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Poll: Do you develop or maintain desktop applications?

 
Bartender
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Hi all, it's poll time!

I'm curious how prevalent is desktop application programming out there now in 2015. I have anecdata that it's still strong in enterprises (think B2B), but no concrete data since nobody goes about publishing it.

Since ranchers come from all over the world and work in a variety of companies, I think this is a pretty good place to get some concrete data. I've put this up in Meaningless Drivel, since I suspect this is everybody's favourite forum and is likely to get most site visitors

Below, I've put up 2 polls. Please vote, and feel free to write your opinions as replies.

 
Karthik Shiraly
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Follow up poll: For those who answered yes, a followup question:

What desktop application framework(s) do you or your company use?
- Both Swing and JavaFX
- Mostly Swing, little JavaFX
- Mostly JavaFX, little Swing
- Only Swing
- Only JavaFX
- We don't use Java for our desktop applications (please tell us what you do use)

Post your answers in your replies.
 
Java Cowboy
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I don't develop desktop applications, but I didn't want to vote for "Desktop applications... Ugh!".

Almost 10 years ago I've worked on a project where we developed a Java Swing desktop app, which was a huge thing with more than 100 different screens that the customer was using for many different things, from planning work and tracking time to keeping track of documents.

I think JavaFX as it is now is great, and much better than Swing, but it has come far too late. We should have had JavaFX 10 or 15 years ago.
 
Karthik Shiraly
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Jesper de Jong wrote:I don't develop desktop applications, but I didn't want to vote for "Desktop applications... Ugh!".

Almost 10 years ago I've worked on a project where we developed a Java Swing desktop app, which was a huge thing with more than 100 different screens that the customer was using for many different things, from planning work and tracking time to keeping track of documents.

I think JavaFX as it is now is great, and much better than Swing, but it has come far too late. We should have had JavaFX 10 or 15 years ago.


Thanks, Jesper! I have updated the poll with 2 new options if you want to change your vote. Feel free to suggest new options.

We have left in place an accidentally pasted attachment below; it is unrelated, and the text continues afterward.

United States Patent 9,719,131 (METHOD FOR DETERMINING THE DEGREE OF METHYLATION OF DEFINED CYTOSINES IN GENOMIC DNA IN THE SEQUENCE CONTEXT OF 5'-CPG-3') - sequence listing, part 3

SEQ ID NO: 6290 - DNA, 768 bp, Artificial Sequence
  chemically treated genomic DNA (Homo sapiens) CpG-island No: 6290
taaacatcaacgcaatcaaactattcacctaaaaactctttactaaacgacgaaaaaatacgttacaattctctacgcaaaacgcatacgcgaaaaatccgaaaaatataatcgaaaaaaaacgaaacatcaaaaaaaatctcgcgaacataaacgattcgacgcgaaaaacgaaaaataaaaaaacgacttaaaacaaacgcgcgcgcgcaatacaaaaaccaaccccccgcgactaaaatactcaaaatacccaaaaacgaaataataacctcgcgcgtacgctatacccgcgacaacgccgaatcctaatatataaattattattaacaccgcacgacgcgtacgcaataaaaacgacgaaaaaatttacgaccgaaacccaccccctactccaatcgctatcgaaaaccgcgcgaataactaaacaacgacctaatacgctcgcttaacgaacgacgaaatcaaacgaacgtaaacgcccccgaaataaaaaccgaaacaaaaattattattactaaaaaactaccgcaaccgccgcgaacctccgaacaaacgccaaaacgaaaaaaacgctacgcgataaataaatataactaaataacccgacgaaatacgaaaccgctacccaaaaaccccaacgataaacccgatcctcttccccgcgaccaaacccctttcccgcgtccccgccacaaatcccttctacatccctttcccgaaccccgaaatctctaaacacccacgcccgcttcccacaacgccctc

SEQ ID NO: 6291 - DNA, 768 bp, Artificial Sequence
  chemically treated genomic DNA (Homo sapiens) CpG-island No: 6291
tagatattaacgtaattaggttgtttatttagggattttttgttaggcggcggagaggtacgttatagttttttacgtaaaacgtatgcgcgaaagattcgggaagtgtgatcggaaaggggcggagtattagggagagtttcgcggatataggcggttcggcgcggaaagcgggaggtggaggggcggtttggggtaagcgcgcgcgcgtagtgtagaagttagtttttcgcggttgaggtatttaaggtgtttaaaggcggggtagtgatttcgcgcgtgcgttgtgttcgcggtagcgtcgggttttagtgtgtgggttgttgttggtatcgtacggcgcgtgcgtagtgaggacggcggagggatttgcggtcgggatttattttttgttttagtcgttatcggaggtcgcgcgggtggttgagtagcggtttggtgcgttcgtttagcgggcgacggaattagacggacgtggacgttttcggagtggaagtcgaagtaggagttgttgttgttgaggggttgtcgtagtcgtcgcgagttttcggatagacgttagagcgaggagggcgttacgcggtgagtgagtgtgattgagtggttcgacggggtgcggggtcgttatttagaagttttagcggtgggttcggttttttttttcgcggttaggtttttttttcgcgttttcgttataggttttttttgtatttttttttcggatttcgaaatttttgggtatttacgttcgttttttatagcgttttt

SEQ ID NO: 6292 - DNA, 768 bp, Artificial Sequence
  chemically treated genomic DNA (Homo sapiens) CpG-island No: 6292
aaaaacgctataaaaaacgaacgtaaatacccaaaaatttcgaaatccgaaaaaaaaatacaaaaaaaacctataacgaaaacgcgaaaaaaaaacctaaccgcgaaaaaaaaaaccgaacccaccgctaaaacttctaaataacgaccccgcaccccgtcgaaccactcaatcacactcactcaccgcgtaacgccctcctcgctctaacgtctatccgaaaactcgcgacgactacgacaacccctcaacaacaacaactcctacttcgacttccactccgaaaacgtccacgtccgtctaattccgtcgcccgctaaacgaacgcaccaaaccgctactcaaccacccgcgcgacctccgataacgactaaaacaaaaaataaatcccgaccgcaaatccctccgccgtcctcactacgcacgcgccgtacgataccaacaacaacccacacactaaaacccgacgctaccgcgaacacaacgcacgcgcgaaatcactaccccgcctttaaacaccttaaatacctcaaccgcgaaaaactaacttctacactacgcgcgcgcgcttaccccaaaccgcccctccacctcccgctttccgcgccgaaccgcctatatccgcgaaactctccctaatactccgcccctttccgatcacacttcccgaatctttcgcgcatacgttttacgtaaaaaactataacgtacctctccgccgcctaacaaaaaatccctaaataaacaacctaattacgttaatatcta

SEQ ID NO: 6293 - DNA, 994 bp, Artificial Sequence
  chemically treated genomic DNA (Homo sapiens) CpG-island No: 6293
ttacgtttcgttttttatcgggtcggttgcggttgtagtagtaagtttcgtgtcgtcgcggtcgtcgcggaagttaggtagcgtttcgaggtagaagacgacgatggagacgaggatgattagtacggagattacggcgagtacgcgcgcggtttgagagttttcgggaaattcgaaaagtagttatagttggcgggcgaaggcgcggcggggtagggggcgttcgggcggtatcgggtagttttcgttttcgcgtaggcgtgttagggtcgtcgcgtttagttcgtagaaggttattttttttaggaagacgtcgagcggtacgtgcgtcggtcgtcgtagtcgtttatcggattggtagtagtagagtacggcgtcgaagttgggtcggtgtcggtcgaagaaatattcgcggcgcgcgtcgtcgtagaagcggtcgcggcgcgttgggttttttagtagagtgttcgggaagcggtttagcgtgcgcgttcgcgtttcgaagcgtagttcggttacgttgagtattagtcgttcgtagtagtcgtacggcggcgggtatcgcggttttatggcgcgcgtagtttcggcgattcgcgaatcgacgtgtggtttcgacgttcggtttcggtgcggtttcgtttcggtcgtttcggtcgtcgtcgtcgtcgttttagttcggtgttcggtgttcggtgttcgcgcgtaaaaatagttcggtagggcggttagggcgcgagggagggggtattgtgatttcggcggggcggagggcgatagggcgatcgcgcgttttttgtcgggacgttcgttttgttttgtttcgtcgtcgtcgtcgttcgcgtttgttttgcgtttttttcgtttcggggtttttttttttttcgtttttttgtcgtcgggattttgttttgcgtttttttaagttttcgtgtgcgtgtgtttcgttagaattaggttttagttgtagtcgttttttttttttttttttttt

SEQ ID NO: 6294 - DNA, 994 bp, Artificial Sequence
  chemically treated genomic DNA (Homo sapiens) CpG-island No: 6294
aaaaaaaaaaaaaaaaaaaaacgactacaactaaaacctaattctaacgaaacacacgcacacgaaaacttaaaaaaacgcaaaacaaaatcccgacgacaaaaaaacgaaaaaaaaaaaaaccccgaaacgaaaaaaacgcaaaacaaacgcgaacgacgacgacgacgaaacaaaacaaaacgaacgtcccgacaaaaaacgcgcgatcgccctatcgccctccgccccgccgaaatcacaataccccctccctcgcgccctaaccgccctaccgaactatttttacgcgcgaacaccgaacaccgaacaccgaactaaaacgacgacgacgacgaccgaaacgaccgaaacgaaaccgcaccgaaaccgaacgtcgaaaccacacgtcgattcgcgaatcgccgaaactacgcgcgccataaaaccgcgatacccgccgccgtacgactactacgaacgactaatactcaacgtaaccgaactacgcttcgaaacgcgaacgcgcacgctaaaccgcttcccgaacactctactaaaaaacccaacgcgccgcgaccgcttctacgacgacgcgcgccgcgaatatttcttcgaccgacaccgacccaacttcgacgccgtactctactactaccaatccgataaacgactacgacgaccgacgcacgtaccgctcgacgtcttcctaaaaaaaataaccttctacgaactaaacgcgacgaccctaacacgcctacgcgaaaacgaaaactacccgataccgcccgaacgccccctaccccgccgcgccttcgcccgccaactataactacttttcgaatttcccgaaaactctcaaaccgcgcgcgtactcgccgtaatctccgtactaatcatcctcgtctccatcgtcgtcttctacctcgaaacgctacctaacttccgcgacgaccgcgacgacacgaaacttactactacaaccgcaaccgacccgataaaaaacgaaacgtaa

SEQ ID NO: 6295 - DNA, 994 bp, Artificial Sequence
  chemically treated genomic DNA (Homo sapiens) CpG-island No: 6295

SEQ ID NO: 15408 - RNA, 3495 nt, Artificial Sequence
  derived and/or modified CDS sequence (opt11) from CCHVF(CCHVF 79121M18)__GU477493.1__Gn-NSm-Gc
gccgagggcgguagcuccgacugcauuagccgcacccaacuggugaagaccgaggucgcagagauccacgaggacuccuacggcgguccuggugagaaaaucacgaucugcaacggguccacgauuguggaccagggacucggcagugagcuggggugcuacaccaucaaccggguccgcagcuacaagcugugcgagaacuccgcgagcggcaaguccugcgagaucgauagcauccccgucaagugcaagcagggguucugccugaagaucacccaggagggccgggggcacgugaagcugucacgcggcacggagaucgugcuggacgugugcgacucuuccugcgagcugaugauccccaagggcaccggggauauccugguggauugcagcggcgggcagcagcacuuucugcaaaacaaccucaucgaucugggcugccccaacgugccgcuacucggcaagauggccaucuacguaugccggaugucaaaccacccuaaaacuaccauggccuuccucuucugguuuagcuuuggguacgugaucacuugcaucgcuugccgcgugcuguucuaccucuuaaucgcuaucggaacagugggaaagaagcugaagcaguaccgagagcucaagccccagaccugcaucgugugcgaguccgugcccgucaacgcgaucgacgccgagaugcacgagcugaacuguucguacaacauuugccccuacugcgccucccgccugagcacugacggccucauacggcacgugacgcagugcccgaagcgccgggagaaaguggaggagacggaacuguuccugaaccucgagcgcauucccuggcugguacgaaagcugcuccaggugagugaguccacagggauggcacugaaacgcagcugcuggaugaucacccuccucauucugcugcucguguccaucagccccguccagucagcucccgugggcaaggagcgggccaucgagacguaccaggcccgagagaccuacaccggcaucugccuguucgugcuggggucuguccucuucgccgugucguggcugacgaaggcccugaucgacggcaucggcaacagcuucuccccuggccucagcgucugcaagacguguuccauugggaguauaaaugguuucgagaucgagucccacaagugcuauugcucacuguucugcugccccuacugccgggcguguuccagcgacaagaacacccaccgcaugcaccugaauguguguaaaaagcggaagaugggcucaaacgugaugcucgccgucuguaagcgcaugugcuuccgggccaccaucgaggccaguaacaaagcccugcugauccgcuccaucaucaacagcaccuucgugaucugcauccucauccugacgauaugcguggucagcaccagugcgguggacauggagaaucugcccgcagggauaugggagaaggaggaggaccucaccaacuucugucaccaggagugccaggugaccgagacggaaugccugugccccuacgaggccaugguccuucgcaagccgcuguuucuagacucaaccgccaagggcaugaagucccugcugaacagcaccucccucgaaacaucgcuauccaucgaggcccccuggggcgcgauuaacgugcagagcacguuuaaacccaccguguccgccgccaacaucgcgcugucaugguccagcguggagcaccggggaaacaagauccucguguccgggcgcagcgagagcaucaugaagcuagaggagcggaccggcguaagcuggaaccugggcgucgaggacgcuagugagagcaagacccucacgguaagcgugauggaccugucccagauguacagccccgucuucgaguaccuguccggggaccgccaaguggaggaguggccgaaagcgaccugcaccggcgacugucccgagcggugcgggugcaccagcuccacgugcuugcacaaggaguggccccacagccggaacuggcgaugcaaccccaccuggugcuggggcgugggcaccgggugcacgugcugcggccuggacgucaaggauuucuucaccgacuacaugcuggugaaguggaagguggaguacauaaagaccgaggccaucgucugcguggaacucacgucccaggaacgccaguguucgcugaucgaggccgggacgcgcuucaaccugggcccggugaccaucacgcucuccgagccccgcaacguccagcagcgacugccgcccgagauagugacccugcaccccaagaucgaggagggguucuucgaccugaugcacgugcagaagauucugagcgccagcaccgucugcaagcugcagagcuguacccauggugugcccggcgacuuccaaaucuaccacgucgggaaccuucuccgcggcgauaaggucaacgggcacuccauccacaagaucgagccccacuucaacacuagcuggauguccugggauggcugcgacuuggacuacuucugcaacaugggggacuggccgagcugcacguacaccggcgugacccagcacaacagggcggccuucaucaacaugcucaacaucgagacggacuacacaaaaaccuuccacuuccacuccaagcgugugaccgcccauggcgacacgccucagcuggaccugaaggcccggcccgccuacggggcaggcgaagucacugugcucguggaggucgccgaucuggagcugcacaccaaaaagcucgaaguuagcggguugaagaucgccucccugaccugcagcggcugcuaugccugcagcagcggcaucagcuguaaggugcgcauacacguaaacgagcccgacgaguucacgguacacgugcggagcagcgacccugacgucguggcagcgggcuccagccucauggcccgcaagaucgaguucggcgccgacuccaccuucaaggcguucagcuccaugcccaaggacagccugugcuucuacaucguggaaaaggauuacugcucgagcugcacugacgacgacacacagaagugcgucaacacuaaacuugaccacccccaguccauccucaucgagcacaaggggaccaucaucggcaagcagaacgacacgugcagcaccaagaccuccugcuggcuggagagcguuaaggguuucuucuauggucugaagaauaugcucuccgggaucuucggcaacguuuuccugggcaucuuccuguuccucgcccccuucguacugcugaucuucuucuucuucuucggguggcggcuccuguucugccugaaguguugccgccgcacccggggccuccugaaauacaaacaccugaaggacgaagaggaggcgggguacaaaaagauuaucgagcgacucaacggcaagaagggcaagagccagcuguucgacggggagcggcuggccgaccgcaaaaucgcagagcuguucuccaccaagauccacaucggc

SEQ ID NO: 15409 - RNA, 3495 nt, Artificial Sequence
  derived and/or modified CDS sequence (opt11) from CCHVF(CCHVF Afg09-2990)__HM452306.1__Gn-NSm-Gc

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In my previous company, I used to develop desktop applications using swing. Now I think they have moved on to JavaFX.
 
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I like desktop based programs. Sometimes when i am bored, I make small utility tools for myself in java
 
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I use Swing to make small applications for myself, and NB Platform to make larger ones.

I'm considering learning JavaFX because it seems the recommended way for new Java desktop applications, but I haven't really done any research.

At the office, I've made a couple of small desktop tools in C# using Windows Forms and Visual Studio.
 
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Karthik Shiraly wrote:
- We don't use Java for our desktop applications (please tell us what you do use)


When I write a desktop app it's usually because I need to access the Windows API such as doing WMI stuff, so I use C#.
I haven't even explored JavaFX yet. It's on my very long TODO list.
 
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No desktop apps for me.
 
Karthik Shiraly
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Thank you all for voting and replying.

For those who can't see the votes, here's the summary as of Nov 26, 2015 02:58:55 ranch time after 48 hours of voting:

Only 13 people voted. So it's a really really small sample here.
Only 6 out of 13 are into desktop apps now in 2015.
2 out of those 6 are into C# Windows desktop apps, not Java.
So only 4 out of 13 are into java apps.
Only 1 out of those 4 is developing java desktop applications for customers.
1 other out of those 4 is developing desktop applications for organization's internal use.
Remaining 2 out of those 4 are into desktop apps purely for personal use.